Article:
Buyer snaps up Grade I country mansion at knockdown price

An important country house in Berkshire has been snapped up at auction for just over £2m, a fraction of what it was asking on the open market last year.

The Grade I listed Bere Court, a “landmark” Queen Anne mansion in Pangbourne with origins going all the way back to 744, made local headlines when it came on last year at just under £5m. And that didn’t sound like crazy money for a property of this stature.

Formerly part of the Bere Court Estate, the stately 10,000 square foot pile was built in the 1600s and has 19 bedrooms over two floors, 11 bathrooms/cloakrooms, a reception hall, a great hall, 11 reception rooms, two kitchens, four utility rooms, workshop and studio facilities, two cellars, and a six-bay garage. Original features abound, including wood panelling, carved fireplaces, beams, cornicing and decorative plasterwork and the whole thing is set in just under ten acres, with a long private drive.

But despite its obvious charms, the house failed to sell and the whole shebang was listed in Allsop’s July auction catalogue on behalf of mortgagees on a guide of £2m-£2.2m. After receiving some “keen” interest from the room, the hammer eventually fell at £2.15m.

The auction, held in the Ocean Suite of the Cumberland Hotel, was the first major resi auction post-Brexit. Allsop reported bidding “as heated as the weather” and a cool £51m was raised in total.

Auctioneer and Partner Gary Murphy: “It was important that our sale demonstrated continued confidence in property and there were some extremely positive messages from the day. Notably, we experienced a significant depth of demand for longer term opportunities. Development sites or buildings with consent for conversion drew strong competition from UK and overseas bidders.”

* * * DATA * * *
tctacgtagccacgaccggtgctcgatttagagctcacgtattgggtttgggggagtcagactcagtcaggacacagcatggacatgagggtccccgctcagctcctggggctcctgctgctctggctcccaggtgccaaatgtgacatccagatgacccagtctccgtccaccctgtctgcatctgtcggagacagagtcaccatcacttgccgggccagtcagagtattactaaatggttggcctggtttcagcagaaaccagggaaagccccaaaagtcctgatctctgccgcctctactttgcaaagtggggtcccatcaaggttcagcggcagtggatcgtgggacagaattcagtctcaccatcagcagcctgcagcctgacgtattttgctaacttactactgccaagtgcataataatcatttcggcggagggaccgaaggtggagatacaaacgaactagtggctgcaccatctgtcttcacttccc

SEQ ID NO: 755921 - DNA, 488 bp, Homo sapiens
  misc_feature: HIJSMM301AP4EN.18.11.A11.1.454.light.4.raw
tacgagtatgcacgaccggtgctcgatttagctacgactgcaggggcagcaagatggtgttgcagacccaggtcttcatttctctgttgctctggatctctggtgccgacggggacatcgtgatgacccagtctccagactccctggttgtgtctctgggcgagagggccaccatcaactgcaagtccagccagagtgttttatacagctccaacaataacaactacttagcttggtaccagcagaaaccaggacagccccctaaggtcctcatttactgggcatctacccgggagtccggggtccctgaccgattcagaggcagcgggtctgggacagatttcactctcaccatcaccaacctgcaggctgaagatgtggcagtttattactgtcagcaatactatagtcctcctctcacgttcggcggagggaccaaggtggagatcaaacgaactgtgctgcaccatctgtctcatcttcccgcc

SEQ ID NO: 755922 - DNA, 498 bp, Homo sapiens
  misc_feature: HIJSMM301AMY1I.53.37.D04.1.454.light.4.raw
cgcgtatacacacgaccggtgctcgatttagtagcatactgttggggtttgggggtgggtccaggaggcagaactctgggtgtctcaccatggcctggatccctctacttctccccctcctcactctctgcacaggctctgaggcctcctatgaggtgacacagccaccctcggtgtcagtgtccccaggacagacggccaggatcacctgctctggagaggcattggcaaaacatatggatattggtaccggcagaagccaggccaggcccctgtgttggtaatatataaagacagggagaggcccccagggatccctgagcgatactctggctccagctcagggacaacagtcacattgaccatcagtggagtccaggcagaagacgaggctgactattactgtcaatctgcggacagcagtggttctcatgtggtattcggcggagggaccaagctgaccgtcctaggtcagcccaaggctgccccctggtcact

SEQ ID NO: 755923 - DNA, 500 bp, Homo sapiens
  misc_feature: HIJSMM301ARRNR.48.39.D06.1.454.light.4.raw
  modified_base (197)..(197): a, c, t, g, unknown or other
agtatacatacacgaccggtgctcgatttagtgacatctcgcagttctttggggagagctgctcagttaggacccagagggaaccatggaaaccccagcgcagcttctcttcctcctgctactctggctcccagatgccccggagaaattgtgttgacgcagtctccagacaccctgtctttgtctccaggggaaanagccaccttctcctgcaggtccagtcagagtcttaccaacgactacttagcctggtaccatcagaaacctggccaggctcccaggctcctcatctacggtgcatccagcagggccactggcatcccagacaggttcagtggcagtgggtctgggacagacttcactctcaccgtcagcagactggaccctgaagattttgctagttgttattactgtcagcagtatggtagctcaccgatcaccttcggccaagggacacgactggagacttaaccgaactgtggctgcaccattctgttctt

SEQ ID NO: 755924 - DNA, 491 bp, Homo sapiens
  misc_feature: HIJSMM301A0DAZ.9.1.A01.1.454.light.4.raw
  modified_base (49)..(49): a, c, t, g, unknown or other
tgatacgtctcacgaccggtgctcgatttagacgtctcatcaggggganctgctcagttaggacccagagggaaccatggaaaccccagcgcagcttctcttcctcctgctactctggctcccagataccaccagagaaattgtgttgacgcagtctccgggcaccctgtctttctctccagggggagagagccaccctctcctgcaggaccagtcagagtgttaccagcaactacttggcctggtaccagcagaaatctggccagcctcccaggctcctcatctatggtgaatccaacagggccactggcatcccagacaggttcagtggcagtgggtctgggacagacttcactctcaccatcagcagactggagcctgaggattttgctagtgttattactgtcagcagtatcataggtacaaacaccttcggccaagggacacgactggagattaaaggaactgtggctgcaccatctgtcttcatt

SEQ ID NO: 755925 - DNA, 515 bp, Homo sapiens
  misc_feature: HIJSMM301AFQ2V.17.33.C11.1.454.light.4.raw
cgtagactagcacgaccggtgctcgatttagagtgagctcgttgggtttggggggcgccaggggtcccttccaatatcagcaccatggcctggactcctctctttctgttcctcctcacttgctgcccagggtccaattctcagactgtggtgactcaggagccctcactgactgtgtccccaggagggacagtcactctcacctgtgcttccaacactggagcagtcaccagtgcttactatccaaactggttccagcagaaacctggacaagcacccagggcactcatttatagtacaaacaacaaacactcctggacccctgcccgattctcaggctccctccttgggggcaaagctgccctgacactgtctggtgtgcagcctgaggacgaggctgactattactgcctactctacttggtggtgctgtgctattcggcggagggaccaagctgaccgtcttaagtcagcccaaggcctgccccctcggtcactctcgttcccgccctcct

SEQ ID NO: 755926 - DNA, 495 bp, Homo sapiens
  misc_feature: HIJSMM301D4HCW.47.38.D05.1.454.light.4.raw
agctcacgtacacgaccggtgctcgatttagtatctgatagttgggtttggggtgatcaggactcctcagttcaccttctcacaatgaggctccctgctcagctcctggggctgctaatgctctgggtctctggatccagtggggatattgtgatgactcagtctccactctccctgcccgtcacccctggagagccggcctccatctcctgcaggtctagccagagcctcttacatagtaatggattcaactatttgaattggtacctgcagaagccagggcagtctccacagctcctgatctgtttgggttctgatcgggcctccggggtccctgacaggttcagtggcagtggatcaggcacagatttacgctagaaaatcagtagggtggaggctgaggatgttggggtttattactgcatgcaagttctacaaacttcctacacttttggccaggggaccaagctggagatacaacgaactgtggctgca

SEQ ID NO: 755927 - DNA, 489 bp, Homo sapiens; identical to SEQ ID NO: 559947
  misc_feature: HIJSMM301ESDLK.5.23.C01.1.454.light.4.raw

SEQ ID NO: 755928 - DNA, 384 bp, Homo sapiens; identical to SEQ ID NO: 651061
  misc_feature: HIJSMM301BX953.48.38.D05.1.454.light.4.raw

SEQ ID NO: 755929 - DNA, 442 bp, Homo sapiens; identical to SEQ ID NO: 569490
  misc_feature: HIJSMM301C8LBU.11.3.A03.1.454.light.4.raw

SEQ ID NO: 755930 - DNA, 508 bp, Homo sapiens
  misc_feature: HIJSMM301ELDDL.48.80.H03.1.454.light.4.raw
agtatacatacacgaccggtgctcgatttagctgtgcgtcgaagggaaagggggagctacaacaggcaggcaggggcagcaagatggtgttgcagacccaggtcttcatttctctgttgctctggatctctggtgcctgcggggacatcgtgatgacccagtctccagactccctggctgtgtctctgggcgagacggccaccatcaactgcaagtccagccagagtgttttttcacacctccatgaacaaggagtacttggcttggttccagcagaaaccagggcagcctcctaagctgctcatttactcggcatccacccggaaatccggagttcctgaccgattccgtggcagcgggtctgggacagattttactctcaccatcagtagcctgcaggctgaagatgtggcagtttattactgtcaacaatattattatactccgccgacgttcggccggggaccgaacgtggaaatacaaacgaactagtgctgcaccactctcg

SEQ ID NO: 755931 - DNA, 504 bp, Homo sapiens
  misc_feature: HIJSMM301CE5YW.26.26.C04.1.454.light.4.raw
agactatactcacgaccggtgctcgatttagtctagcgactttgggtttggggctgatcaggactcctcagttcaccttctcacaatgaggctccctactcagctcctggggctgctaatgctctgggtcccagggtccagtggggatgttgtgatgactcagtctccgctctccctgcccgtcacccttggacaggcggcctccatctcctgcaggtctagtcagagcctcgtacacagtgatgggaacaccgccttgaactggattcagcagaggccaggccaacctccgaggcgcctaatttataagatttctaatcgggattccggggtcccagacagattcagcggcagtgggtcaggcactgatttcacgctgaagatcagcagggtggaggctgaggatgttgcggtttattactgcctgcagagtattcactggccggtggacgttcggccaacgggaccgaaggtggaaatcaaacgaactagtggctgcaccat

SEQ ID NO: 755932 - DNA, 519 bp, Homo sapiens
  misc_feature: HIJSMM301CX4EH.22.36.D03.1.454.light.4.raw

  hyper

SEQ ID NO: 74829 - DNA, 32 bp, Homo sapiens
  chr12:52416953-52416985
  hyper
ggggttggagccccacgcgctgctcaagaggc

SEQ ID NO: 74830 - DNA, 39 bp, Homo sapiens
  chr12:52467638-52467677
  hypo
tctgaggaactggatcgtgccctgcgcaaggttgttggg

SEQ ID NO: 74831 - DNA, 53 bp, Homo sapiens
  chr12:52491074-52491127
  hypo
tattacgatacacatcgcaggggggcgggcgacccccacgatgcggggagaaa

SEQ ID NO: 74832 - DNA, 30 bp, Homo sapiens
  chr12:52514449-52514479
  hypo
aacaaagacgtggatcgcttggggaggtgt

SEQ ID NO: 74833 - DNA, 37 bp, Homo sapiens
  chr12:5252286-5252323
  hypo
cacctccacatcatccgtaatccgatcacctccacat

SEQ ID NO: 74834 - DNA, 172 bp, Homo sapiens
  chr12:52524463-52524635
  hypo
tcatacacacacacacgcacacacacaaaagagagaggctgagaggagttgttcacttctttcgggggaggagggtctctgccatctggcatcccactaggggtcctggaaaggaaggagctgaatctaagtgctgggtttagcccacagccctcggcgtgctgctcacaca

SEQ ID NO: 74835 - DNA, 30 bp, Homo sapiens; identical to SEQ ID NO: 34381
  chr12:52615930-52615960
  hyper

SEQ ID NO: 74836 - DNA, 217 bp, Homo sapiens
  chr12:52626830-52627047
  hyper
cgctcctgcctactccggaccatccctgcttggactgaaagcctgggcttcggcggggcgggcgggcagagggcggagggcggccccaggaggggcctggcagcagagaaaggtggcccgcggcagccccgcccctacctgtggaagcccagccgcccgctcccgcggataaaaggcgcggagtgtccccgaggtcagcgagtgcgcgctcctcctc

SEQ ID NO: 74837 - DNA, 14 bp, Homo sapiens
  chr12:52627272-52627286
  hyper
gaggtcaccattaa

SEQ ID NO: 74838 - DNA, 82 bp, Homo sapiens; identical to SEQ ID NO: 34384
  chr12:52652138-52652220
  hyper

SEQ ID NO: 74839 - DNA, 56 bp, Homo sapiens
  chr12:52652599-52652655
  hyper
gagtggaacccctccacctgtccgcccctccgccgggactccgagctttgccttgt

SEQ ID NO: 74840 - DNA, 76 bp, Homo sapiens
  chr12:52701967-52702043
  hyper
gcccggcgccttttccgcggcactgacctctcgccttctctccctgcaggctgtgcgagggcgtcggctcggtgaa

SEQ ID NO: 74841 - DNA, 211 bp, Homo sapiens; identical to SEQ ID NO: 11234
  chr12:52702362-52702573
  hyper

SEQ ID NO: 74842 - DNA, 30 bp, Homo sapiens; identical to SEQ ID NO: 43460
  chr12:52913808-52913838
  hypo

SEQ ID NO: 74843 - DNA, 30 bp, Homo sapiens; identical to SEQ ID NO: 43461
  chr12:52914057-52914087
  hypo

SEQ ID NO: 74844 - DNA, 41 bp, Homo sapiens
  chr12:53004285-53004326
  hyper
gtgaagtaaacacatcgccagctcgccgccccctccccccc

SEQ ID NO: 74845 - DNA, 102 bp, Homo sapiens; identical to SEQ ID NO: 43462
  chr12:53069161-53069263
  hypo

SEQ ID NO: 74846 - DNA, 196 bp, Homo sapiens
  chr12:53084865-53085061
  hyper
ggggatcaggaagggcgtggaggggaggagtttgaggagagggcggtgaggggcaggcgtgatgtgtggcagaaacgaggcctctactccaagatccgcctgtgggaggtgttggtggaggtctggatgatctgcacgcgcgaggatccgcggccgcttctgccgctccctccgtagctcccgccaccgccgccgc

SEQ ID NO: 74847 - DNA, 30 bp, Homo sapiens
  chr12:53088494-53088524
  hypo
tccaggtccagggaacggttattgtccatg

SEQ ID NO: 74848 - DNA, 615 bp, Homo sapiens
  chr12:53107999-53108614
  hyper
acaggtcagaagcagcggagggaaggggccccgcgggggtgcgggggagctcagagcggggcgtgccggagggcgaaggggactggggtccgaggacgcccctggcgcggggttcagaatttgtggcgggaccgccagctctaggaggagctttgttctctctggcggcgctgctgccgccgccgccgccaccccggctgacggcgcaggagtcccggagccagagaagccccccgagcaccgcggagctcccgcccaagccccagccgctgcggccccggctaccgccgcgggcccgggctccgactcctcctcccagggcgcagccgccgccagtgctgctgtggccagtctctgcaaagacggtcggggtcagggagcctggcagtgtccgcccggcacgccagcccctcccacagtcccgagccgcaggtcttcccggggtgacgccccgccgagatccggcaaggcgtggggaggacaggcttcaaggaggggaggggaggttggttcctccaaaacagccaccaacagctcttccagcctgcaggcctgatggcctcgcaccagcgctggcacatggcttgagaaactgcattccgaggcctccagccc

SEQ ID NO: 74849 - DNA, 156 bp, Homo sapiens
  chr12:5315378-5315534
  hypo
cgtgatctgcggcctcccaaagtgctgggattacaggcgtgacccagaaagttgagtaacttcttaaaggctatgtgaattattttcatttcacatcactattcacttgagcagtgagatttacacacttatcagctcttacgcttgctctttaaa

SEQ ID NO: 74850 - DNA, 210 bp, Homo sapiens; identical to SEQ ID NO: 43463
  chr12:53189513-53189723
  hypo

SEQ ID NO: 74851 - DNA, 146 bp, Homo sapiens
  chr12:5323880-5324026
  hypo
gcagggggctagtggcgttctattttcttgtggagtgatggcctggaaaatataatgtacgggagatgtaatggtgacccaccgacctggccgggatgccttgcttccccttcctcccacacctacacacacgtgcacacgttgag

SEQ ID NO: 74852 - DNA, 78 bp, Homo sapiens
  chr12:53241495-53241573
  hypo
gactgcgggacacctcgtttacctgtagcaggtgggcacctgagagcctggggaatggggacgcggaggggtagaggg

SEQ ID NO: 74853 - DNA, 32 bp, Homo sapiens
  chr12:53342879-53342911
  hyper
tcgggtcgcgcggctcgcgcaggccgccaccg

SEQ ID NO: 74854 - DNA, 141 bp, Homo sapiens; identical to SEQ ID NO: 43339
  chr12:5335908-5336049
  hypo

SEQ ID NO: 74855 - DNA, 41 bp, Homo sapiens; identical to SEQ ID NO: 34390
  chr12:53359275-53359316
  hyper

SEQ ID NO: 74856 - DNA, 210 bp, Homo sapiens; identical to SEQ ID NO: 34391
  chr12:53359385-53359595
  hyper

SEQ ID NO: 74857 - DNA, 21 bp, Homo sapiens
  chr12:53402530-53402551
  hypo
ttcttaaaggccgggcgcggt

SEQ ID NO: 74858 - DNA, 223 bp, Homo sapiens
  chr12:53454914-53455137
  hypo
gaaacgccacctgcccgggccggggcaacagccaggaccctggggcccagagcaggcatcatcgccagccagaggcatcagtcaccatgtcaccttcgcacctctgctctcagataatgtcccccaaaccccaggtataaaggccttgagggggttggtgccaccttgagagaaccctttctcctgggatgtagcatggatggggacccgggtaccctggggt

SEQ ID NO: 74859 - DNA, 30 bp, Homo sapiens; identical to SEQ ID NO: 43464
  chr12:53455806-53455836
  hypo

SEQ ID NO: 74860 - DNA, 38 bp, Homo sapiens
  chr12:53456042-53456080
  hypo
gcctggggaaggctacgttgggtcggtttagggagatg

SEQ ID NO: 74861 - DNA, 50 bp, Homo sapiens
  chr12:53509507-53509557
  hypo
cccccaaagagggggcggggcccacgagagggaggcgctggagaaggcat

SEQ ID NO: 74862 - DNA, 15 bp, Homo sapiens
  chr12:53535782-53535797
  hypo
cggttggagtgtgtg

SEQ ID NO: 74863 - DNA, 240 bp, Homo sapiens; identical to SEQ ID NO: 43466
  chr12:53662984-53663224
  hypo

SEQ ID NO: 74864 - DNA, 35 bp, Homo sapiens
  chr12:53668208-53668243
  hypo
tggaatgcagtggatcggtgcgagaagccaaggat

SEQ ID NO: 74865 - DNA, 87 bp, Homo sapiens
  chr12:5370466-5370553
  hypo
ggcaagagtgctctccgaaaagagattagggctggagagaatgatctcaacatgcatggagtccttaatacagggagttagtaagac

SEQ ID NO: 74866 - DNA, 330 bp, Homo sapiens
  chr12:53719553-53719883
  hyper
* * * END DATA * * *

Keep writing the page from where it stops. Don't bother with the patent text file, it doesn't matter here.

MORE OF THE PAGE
The largest lot of the sale – a vacant pair of mixed use buildings with planning for partial demolition and redevelopment on Blythe Road in West Ken – sold for £4.2m to an overseas developer. A freehold vacant terrace house on Churchill Road in Tufnell Park made £1.205m.

In all, 17 lots were sold for over £1m.

Murphy: “Secure income streams are always attractive during a short term correction so a selection of 35 individual ground rent investments appealed to bidders. All of these lots sold. Those with over 80 years’ life of income averaged 33.3 years’ purchase or 3%. (The average YP from 80+ years’ income for the year to June was 26.6.) Assured Shorthold Tenancy yields averaged 5.76%.”

“It was reassuring to see that, at times, business in the room was actually brisker than usual. As always, realistic pricing will produce the best results. It was interesting to note that almost a quarter of the lots sold on the day achieved at least 50% above their reserve prices. At a time when pricing for private treaty marketing is difficult to determine, the auction route offers a reliable option for achieving best value on the day.”